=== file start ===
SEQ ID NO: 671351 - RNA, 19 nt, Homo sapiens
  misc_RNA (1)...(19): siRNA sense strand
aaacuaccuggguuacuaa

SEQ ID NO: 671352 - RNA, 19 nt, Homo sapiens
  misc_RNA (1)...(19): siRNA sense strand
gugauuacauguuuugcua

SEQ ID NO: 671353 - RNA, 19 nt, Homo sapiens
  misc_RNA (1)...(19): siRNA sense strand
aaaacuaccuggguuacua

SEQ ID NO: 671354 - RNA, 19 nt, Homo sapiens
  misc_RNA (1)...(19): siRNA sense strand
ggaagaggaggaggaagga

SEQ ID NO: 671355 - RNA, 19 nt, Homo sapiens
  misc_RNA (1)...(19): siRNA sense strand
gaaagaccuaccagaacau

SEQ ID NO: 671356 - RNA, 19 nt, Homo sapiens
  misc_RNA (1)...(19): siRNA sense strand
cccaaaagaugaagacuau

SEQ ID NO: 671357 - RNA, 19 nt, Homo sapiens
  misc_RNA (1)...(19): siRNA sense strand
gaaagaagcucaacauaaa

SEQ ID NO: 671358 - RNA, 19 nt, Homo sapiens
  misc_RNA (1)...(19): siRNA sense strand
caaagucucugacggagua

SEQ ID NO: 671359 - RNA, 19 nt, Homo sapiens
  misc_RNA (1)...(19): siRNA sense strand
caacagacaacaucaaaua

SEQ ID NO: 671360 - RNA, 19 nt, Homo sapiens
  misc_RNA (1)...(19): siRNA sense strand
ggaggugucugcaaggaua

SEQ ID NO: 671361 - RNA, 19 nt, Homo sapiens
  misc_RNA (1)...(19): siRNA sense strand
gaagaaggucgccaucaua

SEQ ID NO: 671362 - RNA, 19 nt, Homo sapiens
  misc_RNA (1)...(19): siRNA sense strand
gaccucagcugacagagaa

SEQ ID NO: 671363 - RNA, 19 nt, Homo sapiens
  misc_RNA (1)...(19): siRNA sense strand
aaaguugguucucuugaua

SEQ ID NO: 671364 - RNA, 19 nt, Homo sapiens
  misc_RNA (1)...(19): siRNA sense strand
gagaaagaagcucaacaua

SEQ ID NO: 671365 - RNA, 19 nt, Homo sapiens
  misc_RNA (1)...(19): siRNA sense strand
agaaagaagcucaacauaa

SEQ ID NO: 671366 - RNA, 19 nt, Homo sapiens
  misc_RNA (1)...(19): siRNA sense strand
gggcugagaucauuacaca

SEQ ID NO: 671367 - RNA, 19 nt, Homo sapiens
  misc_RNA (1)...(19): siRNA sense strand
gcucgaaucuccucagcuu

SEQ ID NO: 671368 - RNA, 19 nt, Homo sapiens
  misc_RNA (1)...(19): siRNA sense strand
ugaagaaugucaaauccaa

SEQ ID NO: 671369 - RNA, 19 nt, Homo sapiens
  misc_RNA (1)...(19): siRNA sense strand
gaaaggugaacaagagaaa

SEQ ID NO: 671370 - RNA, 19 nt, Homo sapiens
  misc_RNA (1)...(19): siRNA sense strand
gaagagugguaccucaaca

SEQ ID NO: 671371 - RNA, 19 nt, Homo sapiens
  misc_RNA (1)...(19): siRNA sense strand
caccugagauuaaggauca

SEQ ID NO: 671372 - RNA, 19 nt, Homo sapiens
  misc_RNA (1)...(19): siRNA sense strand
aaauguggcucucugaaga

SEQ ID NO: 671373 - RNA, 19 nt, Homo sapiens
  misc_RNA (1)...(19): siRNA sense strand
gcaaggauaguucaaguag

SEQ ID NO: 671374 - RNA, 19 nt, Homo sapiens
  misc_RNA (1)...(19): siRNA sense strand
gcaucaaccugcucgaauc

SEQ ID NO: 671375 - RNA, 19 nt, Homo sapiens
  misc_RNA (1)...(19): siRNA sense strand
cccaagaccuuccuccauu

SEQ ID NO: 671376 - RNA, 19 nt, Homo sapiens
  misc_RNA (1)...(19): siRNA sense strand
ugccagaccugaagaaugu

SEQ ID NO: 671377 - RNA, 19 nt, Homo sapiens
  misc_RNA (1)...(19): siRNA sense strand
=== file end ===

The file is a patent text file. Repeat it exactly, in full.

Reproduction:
SEQ ID NO: 671351 - RNA, 19 nt, Homo sapiens
  misc_RNA (1)...(19): siRNA sense strand
aaacuaccuggguuacuaa

SEQ ID NO: 671352 - RNA, 19 nt, Homo sapiens
  misc_RNA (1)...(19): siRNA sense strand
gugauuacauguuuugcua

SEQ ID NO: 671353 - RNA, 19 nt, Homo sapiens
  misc_RNA (1)...(19): siRNA sense strand
aaaacuaccuggguuacua

SEQ ID NO: 671354 - RNA, 19 nt, Homo sapiens
  misc_RNA (1)...(19): siRNA sense strand
ggaagaggaggaggaagga

SEQ ID NO: 671355 - RNA, 19 nt, Homo sapiens
  misc_RNA (1)...(19): siRNA sense strand
gaaagaccuaccagaacau

SEQ ID NO: 671356 - RNA, 19 nt, Homo sapiens
  misc_RNA (1)...(19): siRNA sense strand
cccaaaagaugaagacuau

SEQ ID NO: 671357 - RNA, 19 nt, Homo sapiens
  misc_RNA (1)...(19): siRNA sense strand
gaaagaagcucaacauaaa

SEQ ID NO: 671358 - RNA, 19 nt, Homo sapiens
  misc_RNA (1)...(19): siRNA sense strand
caaagucucugacggagua

SEQ ID NO: 671359 - RNA, 19 nt, Homo sapiens
  misc_RNA (1)...(19): siRNA sense strand
caacagacaacaucaaaua

SEQ ID NO: 671360 - RNA, 19 nt, Homo sapiens
  misc_RNA (1)...(19): siRNA sense strand
ggaggugucugcaaggaua

SEQ ID NO: 671361 - RNA, 19 nt, Homo sapiens
  misc_RNA (1)...(19): siRNA sense strand
gaagaaggucgccaucaua

SEQ ID NO: 671362 - RNA, 19 nt, Homo sapiens
  misc_RNA (1)...(19): siRNA sense strand
gaccucagcugacagagaa

SEQ ID NO: 671363 - RNA, 19 nt, Homo sapiens
  misc_RNA (1)...(19): siRNA sense strand
aaaguugguucucuugaua

SEQ ID NO: 671364 - RNA, 19 nt, Homo sapiens
  misc_RNA (1)...(19): siRNA sense strand
gagaaagaagcucaacaua

SEQ ID NO: 671365 - RNA, 19 nt, Homo sapiens
  misc_RNA (1)...(19): siRNA sense strand
agaaagaagcucaacauaa

SEQ ID NO: 671366 - RNA, 19 nt, Homo sapiens
  misc_RNA (1)...(19): siRNA sense strand
gggcugagaucauuacaca

SEQ ID NO: 671367 - RNA, 19 nt, Homo sapiens
  misc_RNA (1)...(19): siRNA sense strand
gcucgaaucuccucagcuu

SEQ ID NO: 671368 - RNA, 19 nt, Homo sapiens
  misc_RNA (1)...(19): siRNA sense strand
ugaagaaugucaaauccaa

SEQ ID NO: 671369 - RNA, 19 nt, Homo sapiens
  misc_RNA (1)...(19): siRNA sense strand
gaaaggugaacaagagaaa

SEQ ID NO: 671370 - RNA, 19 nt, Homo sapiens
  misc_RNA (1)...(19): siRNA sense strand
gaagagugguaccucaaca

SEQ ID NO: 671371 - RNA, 19 nt, Homo sapiens
  misc_RNA (1)...(19): siRNA sense strand
caccugagauuaaggauca

SEQ ID NO: 671372 - RNA, 19 nt, Homo sapiens
  misc_RNA (1)...(19): siRNA sense strand
aaauguggcucucugaaga

SEQ ID NO: 671373 - RNA, 19 nt, Homo sapiens
  misc_RNA (1)...(19): siRNA sense strand
gcaaggauaguucaaguag

SEQ ID NO: 671374 - RNA, 19 nt, Homo sapiens
  misc_RNA (1)...(19): siRNA sense strand
gcaucaaccugcucgaauc

SEQ ID NO: 671375 - RNA, 19 nt, Homo sapiens
  misc_RNA (1)...(19): siRNA sense strand
cccaagaccuuccuccauu

SEQ ID NO: 671376 - RNA, 19 nt, Homo sapiens
  misc_RNA (1)...(19): siRNA sense strand
ugccagaccugaagaaugu

SEQ ID NO: 671377 - RNA, 19 nt, Homo sapiens
  misc_RNA (1)...(19): siRNA sense strand